To adjust the effective open area of the basin bottom sheet 69 and to prohibit liquid from falling directly to and through the stack member below the basin 66, a mask plate 71 is secured, as by a bolt 72 or other convenient means, over the central portion of the basin foraminous bottom 69. An annular mask sheet 74 is secured about the outer periphery of the retainer bottom sheet 61. By adjusting the size of these mask sheets 71 and 74 in relation to the associated foraminous sheets 61 and 69, the volume and rate of water being processed by the column can be correspondingly adjusted.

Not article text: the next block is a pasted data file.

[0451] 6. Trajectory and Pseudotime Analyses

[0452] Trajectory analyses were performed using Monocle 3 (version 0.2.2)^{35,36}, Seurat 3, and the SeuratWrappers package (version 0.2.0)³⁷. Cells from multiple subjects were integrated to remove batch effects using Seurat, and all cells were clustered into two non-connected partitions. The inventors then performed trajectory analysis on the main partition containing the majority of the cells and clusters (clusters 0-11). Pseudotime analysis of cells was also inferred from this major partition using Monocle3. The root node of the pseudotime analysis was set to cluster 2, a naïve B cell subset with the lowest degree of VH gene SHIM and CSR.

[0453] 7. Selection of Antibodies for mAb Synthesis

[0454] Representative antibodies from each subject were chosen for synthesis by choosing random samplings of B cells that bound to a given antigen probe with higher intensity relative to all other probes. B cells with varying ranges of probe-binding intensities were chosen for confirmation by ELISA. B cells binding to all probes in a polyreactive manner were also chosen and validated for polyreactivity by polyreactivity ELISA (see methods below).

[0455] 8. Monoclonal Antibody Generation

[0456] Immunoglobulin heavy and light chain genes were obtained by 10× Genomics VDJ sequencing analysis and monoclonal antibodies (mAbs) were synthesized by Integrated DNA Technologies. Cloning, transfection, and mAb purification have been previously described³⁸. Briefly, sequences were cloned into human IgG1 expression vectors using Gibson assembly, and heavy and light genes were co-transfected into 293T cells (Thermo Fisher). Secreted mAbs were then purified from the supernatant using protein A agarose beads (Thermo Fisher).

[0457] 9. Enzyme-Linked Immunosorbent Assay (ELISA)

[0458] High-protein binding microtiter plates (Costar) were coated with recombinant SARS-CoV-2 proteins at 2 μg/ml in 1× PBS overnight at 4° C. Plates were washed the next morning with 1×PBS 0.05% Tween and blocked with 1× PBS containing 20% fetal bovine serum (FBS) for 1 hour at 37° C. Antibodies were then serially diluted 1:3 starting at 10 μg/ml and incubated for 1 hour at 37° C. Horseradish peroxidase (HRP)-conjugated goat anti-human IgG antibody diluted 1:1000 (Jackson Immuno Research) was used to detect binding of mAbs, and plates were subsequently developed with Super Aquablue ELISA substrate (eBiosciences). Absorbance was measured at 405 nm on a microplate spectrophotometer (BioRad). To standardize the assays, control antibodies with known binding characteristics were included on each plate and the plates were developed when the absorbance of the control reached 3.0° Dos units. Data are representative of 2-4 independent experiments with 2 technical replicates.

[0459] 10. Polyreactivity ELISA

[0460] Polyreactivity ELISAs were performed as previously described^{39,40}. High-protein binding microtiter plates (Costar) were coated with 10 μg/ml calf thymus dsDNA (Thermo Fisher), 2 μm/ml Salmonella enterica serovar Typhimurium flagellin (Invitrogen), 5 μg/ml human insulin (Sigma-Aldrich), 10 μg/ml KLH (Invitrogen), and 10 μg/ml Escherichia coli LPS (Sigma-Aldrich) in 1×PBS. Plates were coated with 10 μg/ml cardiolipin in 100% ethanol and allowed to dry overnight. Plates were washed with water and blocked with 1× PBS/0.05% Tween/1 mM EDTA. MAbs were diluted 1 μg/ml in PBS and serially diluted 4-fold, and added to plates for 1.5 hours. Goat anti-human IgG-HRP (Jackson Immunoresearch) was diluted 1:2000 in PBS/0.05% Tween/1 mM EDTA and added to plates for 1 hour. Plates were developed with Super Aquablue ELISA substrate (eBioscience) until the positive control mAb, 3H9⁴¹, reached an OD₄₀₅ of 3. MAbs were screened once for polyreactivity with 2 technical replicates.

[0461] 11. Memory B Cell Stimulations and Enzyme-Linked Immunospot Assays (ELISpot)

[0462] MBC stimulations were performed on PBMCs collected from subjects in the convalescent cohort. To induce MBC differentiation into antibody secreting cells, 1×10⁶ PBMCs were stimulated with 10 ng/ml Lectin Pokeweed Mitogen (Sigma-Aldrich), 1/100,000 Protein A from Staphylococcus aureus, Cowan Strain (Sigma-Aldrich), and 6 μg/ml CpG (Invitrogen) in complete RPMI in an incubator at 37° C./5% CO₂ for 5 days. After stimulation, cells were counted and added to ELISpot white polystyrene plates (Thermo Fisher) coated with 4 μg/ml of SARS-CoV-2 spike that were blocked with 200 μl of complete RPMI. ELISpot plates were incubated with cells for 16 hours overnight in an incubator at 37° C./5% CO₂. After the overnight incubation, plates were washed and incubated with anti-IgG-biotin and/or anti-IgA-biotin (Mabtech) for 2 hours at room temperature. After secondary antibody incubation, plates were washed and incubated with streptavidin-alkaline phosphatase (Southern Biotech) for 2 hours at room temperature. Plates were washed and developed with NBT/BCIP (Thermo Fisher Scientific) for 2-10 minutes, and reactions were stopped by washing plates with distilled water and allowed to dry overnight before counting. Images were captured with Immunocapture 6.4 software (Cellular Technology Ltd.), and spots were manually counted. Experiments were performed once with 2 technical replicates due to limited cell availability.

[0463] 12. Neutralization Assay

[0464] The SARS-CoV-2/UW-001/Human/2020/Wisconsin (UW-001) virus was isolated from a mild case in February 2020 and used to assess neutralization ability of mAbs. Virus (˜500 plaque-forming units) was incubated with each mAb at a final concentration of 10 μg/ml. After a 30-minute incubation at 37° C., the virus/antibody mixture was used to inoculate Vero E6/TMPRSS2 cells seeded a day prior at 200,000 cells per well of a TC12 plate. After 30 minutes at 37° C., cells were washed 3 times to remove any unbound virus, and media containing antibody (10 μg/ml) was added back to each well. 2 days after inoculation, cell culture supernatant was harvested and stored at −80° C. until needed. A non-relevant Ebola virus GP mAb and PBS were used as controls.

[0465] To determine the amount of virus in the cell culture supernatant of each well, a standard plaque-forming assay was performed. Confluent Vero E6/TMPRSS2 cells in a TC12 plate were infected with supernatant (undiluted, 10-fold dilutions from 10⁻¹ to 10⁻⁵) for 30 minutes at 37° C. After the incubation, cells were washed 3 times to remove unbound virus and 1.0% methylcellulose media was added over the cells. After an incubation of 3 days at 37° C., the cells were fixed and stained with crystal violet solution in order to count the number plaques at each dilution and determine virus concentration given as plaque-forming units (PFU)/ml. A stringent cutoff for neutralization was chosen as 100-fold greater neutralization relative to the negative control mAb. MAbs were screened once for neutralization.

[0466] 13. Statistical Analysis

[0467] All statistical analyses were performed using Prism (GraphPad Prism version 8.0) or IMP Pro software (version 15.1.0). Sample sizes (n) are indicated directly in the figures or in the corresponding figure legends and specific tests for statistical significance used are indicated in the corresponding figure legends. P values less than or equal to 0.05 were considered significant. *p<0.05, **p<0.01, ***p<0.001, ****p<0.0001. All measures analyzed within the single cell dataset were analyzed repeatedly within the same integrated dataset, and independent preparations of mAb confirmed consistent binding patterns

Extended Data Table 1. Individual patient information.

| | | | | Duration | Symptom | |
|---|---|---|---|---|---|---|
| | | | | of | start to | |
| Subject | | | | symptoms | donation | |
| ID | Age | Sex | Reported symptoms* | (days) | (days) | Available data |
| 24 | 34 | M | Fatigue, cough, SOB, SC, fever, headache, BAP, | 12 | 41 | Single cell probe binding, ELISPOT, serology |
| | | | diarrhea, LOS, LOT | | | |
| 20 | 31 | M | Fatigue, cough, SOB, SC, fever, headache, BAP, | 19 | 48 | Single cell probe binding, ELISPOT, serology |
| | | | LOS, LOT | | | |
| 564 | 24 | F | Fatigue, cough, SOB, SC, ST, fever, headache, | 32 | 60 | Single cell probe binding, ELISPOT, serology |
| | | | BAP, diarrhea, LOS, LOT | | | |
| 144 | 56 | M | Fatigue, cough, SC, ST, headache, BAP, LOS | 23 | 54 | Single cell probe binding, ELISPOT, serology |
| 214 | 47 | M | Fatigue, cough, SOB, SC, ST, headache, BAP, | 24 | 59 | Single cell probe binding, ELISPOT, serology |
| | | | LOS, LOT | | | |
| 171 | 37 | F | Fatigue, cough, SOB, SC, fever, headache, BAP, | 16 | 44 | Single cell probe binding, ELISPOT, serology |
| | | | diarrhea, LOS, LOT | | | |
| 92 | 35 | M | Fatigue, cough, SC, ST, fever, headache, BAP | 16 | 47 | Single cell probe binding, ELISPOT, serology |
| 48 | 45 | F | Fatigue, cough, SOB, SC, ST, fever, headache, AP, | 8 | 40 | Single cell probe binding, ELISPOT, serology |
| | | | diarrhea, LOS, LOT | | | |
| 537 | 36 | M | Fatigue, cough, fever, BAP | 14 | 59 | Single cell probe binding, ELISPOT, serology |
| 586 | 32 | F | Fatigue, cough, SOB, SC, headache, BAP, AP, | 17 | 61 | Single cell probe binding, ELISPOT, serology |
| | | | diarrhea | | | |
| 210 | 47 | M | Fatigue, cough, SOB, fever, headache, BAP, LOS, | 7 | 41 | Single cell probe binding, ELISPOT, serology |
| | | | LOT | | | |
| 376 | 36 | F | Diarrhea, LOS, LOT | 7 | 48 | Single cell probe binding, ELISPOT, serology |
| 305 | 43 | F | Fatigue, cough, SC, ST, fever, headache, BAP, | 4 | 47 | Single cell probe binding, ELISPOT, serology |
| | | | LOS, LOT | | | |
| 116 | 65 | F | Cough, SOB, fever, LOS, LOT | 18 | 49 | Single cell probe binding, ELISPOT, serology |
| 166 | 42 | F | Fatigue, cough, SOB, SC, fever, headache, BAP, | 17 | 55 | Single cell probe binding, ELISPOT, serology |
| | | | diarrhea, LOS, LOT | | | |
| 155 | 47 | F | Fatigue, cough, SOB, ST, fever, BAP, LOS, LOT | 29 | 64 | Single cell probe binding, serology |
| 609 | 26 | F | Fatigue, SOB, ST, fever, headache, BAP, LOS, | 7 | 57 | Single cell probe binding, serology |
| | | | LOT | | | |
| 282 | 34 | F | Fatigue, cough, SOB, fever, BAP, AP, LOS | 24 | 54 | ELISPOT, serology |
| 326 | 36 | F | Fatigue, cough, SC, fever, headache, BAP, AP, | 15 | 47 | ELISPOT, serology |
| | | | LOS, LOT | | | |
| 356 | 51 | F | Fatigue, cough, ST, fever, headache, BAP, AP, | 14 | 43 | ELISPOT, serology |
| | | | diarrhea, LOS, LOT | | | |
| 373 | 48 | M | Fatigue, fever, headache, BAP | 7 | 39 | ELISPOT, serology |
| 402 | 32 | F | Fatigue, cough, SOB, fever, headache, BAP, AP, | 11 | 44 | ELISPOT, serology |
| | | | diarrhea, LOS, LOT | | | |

As shown particularly in FIG. 3, carbon dioxide gas, which has been introduced into the bottommost or pump unit module 52 through the meter 60, is exhausted through a carbon dioxide exhaust outlet pipe 75 mounted atop the unit. Thus, as the carbon dioxide gas flows upwardly through the unit 50 or 51, it is forced by the solid layers of water W--which are in alternating, extended annular and compact, non-annular array--to follow a serpentine path as illustrated by the arrows F in FIG. 3. Moreover, as the gas passes upwardly in this serpentine path, the gas passes through vertically-stacked or arrayed curtains of falling, finely-divided water droplets D. This close, intermittent intermixing of upwardly-rising carbon dioxide gas and the downwardly-falling water provides extensive gas-water intermixing. The extensive gas-water intermixing provides, in turn, virtually complete exchange of carbon dioxide gas for the oxygen-containing air previously dissolved within the water. Moreover, as the water falls downwardly through the unit and approaches the bottom water-exhausting pump unit 52, and the carbon dioxide inlet 60, the water is subject to ever-purer concentrations of carbon dioxide gas. Oxygen replacement with carbon dioxide is yet further encouraged by operating the column at positive pressure on the order of 4-5 p.s.i.g., for example.